Temporal range: 12–9Ma Miocene
|Mandible fragment of Dryopithecus fontani from Saint-Gaudens, France (Middle Miocene, 11,5 My) ; cast from Museum national d'histoire naturelle, Paris|
Dryopithecus was a genus of apes that is known from Eastern Africa into Eurasia during the late Miocene period. The first species of Dryopithecus was discovered at the site of Saint-Gaudens, Haute-Garonne, France, in 1856. Other dryopithecids have been found in Hungary, Spain, and China.
Like Sivapithecus, Dryopithecus was suspensory, had a large brain, and a delayed development, but, unlike the former, it had a gracile jaw with thinly enameled molars and suspensory forelimbs; Begun 2004 notes that the similarities and differences between them provides insight into the timing and paleogeography of hominid origins and the phylogenetic divide between Asian and Afro-European great apes. 
Dryopithecus was about 4 feet tall in body length, and more closely resembled a monkey than a modern ape. The structure of its limbs and wrists show that it walked in a similar way to modern chimpanzees, but that it used the flat of its hands, like a monkey, rather than knuckle-walking, like modern apes. Its face exhibited klinorhynchy, with its face being tilted downwards in profile.
It likely spent most of its life in trees, and was probably a brachiator, similar to modern orangutans and gibbons. Its molars had relatively little enamel, suggesting that it ate soft leaves and fruit, an ideal food for a tree-dwelling animal.
- Begun, David R. (2004). "Sivapithecus is east and Dryopithecus is west, and never the twain shall meet". Anthropological Science 113 (1): 53–64. doi:10.1537/ase.04S008. CiteSeerX: 10.1.1.88.1617.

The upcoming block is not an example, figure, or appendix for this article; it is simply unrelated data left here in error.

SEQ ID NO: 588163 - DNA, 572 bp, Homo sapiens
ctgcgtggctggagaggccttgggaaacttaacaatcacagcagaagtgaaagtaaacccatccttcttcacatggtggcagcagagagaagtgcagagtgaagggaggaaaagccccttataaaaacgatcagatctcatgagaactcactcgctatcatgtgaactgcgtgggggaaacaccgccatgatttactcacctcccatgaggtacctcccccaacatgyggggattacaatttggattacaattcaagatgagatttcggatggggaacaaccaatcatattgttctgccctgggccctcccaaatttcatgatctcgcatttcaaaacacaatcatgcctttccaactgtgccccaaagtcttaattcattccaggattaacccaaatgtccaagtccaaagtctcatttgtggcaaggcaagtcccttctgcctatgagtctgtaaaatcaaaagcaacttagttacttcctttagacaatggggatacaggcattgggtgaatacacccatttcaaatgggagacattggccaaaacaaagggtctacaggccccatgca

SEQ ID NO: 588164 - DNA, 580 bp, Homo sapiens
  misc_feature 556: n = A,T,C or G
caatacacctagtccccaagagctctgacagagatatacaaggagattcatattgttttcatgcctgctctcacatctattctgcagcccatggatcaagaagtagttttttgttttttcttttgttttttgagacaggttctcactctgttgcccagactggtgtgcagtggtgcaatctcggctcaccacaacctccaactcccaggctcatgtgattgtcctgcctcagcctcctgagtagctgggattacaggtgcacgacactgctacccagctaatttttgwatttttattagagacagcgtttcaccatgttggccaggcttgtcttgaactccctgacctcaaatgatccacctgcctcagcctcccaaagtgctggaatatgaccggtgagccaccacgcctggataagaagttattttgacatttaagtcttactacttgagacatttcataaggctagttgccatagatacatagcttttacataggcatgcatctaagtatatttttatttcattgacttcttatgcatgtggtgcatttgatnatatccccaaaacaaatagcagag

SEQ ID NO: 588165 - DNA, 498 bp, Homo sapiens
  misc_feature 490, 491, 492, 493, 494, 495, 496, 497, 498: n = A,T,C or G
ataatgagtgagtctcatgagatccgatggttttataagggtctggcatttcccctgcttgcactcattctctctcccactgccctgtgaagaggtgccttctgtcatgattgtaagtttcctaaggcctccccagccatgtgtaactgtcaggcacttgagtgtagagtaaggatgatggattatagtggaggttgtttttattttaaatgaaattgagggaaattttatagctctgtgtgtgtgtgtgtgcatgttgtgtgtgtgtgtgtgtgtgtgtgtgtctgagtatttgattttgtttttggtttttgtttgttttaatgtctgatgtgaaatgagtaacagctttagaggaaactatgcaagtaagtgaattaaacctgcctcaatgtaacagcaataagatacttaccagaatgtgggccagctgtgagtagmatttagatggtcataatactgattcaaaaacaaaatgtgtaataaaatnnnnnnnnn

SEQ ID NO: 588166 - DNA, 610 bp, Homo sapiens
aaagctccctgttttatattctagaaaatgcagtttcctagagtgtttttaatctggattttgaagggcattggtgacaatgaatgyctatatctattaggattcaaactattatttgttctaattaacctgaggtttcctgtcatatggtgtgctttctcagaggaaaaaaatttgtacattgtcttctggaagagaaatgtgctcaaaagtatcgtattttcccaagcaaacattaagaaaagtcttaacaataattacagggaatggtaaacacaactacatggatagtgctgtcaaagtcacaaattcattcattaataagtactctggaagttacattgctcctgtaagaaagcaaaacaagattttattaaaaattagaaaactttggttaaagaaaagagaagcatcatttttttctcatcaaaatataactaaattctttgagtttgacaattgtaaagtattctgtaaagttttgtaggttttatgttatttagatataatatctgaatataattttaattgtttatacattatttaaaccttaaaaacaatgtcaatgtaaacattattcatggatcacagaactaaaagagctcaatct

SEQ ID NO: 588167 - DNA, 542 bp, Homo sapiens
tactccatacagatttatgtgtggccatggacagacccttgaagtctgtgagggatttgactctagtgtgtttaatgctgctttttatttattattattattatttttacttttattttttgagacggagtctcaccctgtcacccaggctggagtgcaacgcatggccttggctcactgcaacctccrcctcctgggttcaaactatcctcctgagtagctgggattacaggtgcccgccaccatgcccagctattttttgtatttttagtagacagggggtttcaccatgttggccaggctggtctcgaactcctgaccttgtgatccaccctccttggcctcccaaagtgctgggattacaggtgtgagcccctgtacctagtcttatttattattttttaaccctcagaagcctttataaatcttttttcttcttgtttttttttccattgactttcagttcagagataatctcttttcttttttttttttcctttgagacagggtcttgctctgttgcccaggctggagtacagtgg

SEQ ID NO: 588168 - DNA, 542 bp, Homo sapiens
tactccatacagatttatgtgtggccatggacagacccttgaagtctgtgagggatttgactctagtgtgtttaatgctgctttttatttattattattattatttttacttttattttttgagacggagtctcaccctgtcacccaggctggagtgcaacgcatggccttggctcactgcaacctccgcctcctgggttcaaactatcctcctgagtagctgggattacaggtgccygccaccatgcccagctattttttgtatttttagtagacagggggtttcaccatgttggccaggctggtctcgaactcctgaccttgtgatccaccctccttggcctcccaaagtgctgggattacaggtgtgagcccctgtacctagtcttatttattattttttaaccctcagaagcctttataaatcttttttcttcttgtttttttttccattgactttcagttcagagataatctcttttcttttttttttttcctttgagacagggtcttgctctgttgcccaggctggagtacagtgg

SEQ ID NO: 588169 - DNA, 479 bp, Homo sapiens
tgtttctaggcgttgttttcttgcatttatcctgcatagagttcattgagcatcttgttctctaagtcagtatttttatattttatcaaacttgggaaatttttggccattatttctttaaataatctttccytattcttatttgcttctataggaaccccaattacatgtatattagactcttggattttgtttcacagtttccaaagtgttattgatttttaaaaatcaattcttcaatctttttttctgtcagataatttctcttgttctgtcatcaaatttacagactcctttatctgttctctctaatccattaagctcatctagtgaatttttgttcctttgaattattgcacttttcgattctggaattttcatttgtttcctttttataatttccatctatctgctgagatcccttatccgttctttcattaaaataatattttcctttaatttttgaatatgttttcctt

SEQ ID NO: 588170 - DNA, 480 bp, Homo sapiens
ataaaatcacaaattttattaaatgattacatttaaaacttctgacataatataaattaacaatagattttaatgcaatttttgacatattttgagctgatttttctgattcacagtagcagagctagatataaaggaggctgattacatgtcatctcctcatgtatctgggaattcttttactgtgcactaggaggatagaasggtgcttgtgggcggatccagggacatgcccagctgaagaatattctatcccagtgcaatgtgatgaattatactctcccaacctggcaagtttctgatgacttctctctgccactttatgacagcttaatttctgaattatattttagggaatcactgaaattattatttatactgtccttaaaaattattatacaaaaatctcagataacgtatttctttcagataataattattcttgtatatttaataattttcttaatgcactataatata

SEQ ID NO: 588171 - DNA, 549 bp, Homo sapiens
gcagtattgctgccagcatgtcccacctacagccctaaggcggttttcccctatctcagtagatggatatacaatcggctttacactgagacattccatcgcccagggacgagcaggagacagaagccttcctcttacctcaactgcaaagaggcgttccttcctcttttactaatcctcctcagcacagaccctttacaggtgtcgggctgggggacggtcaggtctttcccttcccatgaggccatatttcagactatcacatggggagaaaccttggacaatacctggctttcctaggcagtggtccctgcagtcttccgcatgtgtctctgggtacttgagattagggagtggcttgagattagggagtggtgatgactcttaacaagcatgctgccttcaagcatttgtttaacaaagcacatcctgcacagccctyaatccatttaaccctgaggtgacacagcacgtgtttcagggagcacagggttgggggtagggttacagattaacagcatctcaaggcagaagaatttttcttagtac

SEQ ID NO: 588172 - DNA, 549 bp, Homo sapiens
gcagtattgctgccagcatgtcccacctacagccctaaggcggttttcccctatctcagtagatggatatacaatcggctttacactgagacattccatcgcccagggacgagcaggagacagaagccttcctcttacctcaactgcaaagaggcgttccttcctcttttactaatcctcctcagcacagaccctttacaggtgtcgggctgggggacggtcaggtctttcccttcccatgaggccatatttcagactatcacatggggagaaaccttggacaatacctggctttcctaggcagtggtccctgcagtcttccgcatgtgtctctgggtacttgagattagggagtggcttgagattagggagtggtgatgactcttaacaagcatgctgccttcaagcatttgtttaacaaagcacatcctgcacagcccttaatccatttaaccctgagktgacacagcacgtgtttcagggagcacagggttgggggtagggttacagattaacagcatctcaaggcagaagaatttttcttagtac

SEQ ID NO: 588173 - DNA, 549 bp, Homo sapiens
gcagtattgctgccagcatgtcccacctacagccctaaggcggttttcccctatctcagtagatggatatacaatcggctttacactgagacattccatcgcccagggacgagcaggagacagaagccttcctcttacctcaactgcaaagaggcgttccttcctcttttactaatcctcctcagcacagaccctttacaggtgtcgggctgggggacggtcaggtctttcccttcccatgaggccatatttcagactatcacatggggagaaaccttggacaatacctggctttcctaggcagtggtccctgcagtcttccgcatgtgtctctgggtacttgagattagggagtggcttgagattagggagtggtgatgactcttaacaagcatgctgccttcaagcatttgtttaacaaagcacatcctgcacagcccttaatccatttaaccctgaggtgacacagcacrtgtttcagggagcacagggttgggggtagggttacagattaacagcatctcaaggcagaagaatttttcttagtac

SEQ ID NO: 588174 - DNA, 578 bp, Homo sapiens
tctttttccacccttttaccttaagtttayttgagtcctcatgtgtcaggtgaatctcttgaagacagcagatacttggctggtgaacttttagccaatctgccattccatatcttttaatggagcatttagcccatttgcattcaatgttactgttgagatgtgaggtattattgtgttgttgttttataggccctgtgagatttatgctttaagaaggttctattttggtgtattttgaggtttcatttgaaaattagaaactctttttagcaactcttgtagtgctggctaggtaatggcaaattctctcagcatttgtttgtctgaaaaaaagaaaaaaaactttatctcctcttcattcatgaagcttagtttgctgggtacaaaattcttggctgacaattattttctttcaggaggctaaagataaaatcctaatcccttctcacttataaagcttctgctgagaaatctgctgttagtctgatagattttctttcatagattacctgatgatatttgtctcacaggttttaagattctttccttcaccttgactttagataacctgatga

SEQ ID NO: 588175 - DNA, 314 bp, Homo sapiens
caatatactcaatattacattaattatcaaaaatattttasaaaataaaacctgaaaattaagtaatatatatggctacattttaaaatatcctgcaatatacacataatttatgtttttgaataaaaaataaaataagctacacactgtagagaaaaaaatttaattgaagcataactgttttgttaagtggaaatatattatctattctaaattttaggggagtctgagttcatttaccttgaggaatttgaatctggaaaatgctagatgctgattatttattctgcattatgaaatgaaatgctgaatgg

- Harrison, Terry; Ribot, F; Gibert, J (1996). "A reinterpretation of the taxonomy of Dryopithecus from Valles-Penedes, Catalonia (Spain)". Journal of Human Evolution (31): 129–141. Terry Harrison's faculty page
- Kordos, László; Begun, David R. (2001). "A new cranium of Dryopithecus from Rudabánya, Hungary". Journal of Human Evolution 41 (41): 689–700. doi:10.1006/jhev.2001.0523.
- Palmer, D, ed. (1999). The Marshall Illustrated Encyclopedia of Dinosaurs and Prehistoric Animals. London: Marshall Editions. p. 292. ISBN 1-84028-152-9.
- Pilbeam, David; Simons, E. L. (February 1971). "Biological Sciences: Humerus of Dryopithecus from Saint Gaudens, France". Nature 229 (5284): 406–407. doi:10.1038/229406a0. PMID 4926991.
- Simons, E. L.; Meinel, W. (1983). "Mandibular ontogeny in the miocene great apeDryopithecus". International Journal of Primatology 4 (4): 331–162. doi:10.1007/BF02735598.
- Xue, Xiang-Xu; Delson, Eric (1989). "A new species of Dryopithecus from Gansu, China". Chinese Science Bulletin (34): 223–230.